Thousands of new homes could miss out on ultrafast broadband, Openreach warns

Developers are being urged to ensure that people do not miss out on ultrafast, full fibre broadband when they are buying new properties.

Digital network operator Openreach said about 3,000 new properties a year are missing out on full fibre technology.

Openreach installs full fibre networks free of charge to all new housing developments of 30 or more homes and said it has cut prices by more than three-quarters for smaller sites where it will co-fund work.

Full fibre is capable of broadband speeds of up to one gigabit per second, more than 20 times faster than the current UK average.

Matthew Kirkman, Openreach’s director of infrastructure solutions, said: “Full fibre is the future. Scotland’s digital journey from copper to full fibre will take years, with the UK Government having an ambition for everywhere to have access by 2033.

“Developers building entirely new housing have a great opportunity to be right at the forefront. Many are already on board, with around 87% of new homes in Scotland signing up with us for full fibre. The remainder are split between a superfast service via fibre to the cabinet, or copper.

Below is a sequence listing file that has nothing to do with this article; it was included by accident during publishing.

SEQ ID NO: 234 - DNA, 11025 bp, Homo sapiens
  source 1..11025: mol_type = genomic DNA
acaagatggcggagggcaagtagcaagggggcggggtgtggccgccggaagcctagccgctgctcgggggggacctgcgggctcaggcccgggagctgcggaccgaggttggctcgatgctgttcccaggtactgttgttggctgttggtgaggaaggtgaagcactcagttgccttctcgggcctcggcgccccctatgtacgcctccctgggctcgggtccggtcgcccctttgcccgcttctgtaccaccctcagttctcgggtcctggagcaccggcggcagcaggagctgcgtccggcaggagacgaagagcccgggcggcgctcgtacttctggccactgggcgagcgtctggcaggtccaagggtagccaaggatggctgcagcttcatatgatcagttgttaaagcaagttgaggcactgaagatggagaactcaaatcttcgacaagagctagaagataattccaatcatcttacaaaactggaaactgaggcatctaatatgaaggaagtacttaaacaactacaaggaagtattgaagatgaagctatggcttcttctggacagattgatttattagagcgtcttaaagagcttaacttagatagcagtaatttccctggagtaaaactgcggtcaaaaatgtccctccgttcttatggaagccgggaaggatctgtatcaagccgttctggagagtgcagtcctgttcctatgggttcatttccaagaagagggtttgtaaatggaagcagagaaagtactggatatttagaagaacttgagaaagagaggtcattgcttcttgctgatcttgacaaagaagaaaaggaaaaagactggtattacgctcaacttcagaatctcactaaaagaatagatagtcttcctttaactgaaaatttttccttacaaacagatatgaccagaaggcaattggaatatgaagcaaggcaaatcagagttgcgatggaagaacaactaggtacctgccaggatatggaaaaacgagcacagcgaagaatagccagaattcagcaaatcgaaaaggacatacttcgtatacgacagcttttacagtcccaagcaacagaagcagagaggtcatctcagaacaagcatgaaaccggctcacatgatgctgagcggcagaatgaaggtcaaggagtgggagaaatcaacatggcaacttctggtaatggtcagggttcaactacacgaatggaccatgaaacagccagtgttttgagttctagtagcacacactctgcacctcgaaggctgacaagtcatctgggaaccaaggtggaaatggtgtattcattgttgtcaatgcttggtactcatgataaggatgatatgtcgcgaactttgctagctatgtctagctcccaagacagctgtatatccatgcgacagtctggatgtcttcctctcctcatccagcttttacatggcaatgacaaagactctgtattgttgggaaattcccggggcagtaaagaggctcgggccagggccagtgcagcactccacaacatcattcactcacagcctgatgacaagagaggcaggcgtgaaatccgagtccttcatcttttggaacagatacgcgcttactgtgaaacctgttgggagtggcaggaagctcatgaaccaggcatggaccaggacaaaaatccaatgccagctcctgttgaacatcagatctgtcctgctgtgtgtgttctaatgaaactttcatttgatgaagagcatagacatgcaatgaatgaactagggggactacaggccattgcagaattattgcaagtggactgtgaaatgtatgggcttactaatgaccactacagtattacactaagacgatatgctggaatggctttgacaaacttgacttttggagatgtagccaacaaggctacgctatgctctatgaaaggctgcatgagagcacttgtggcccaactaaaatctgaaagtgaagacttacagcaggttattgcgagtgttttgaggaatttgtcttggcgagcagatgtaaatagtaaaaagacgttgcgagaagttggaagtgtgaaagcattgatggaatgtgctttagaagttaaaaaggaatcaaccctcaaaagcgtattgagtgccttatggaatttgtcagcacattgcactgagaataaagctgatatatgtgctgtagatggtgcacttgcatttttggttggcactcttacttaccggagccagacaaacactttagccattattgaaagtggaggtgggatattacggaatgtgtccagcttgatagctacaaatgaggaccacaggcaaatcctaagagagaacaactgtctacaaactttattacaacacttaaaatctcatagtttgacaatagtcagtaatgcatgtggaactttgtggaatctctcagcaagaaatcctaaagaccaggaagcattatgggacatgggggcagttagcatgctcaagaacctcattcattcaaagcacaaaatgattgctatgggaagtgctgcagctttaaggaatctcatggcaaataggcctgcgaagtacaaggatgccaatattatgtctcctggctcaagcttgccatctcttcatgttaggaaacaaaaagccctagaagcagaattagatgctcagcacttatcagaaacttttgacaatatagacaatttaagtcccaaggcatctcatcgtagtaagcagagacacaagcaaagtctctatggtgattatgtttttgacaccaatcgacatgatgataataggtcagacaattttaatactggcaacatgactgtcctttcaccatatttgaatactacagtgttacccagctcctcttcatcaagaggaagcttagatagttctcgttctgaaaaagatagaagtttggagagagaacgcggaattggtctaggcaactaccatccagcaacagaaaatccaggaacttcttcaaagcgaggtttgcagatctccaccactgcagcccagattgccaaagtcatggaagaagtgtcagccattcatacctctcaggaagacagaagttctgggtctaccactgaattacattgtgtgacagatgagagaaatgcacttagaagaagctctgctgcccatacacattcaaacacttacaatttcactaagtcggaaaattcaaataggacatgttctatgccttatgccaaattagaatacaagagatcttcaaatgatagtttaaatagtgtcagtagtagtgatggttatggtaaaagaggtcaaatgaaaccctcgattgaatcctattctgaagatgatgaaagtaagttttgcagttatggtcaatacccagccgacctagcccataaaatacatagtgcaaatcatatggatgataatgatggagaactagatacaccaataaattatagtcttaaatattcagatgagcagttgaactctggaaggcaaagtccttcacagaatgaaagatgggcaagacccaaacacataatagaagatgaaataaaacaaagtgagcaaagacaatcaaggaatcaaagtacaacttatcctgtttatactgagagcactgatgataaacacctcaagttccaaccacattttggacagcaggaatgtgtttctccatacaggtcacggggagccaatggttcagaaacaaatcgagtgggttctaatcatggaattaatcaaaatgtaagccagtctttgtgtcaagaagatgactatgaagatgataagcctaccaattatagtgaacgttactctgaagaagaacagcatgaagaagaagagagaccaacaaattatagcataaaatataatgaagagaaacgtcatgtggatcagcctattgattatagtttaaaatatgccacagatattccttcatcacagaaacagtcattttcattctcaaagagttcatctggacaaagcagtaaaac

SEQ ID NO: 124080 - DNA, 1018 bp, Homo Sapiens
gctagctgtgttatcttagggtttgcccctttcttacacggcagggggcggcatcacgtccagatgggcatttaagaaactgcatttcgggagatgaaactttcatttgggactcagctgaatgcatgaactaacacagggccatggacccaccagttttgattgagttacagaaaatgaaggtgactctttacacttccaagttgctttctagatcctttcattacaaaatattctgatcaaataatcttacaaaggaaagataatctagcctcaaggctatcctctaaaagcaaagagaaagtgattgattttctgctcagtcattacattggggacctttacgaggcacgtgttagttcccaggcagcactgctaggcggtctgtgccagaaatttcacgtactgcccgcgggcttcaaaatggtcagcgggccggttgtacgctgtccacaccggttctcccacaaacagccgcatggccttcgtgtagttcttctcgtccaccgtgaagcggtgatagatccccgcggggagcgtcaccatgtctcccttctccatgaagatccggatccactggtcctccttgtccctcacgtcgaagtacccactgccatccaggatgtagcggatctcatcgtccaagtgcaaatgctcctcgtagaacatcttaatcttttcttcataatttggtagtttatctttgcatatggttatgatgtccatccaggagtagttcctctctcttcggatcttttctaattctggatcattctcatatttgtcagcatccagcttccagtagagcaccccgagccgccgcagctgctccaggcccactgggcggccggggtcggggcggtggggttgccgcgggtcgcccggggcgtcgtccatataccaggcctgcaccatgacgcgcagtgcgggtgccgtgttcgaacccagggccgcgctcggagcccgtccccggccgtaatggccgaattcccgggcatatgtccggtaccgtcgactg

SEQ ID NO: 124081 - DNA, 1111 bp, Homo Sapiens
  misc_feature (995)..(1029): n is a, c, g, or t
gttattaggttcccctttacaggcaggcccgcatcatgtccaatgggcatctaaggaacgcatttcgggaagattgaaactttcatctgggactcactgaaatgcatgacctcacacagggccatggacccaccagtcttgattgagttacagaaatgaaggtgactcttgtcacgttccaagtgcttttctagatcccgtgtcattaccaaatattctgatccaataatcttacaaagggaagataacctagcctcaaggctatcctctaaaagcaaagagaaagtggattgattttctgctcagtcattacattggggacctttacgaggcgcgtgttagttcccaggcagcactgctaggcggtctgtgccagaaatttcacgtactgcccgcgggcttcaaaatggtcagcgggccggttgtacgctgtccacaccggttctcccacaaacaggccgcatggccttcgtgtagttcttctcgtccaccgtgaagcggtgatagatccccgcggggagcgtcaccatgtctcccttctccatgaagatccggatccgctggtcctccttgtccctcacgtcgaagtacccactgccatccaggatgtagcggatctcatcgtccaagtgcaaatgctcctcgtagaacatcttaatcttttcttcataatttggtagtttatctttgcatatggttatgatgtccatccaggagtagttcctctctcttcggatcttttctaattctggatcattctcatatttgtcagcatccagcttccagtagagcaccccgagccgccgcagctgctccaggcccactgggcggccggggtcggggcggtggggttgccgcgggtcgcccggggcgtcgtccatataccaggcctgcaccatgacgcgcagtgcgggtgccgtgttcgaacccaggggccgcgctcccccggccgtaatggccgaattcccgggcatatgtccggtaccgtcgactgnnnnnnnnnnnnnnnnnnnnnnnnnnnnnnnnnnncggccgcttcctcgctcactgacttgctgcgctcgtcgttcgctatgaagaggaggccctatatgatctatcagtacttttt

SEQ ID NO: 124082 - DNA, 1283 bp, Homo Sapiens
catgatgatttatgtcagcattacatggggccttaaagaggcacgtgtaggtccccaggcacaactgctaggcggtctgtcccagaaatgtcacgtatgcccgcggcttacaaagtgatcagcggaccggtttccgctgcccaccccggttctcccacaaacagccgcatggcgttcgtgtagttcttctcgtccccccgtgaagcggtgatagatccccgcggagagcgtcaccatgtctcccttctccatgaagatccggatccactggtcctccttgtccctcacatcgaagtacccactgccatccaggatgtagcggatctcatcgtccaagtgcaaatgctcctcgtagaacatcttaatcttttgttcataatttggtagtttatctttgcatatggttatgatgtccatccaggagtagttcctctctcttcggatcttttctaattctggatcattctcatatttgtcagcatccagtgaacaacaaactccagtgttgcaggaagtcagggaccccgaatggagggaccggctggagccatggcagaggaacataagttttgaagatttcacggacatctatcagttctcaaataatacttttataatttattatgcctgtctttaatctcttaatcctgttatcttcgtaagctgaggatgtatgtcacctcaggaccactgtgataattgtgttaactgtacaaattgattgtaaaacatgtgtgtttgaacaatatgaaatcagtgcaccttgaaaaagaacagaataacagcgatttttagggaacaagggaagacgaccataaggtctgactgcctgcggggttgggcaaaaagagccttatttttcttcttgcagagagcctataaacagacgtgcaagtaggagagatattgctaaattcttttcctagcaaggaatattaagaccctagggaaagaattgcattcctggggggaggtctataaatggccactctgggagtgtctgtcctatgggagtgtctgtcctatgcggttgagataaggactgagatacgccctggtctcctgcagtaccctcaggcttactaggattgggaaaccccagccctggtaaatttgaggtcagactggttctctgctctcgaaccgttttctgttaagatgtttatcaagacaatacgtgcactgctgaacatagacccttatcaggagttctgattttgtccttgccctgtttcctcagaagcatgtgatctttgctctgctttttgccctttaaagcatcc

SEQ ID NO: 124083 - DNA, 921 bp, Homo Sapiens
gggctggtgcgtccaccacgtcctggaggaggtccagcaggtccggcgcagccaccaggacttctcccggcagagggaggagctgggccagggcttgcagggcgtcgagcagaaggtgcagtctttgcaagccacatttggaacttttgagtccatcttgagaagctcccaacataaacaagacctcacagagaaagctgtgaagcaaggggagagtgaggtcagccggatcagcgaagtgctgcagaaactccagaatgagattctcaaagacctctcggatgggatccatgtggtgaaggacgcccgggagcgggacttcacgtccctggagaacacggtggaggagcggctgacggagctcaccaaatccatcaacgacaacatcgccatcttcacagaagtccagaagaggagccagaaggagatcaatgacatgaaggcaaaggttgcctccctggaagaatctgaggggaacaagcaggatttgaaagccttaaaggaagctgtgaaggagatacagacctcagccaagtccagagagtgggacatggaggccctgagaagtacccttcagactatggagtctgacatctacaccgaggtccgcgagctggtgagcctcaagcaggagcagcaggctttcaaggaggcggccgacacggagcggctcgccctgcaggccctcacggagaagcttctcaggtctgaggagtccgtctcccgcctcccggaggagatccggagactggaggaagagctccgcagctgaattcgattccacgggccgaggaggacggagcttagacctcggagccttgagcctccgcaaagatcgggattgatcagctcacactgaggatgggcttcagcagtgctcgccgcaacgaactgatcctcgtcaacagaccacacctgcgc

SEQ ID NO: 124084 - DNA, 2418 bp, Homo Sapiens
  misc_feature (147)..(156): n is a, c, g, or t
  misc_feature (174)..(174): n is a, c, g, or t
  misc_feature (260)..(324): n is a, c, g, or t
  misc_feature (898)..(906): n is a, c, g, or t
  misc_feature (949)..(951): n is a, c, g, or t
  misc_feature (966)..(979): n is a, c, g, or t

“We want to build closer relationships with Scottish developers large and small, and show how we can help them create future-proof networks in their new developments – and why it matters.

“Research from the London School of Economics has shown that the standard of connectivity has a direct impact on house pricing, so building reliable, ultrafast connections in new developments is a no-brainer.

“We want to see full fibre installed in all new developments, and all residents having access to a competitive retail market through our open network.”

Edinburgh is the first city in Scotland – and one of the first in the UK – to be included in Openreach’s rollout of full fibre technology.

More than 30,000 premises can already connect in areas of the city such as Abbeyhill, Corstorphine, Roseburn, Gorgie, Haymarket, Murrayfield and Newington.

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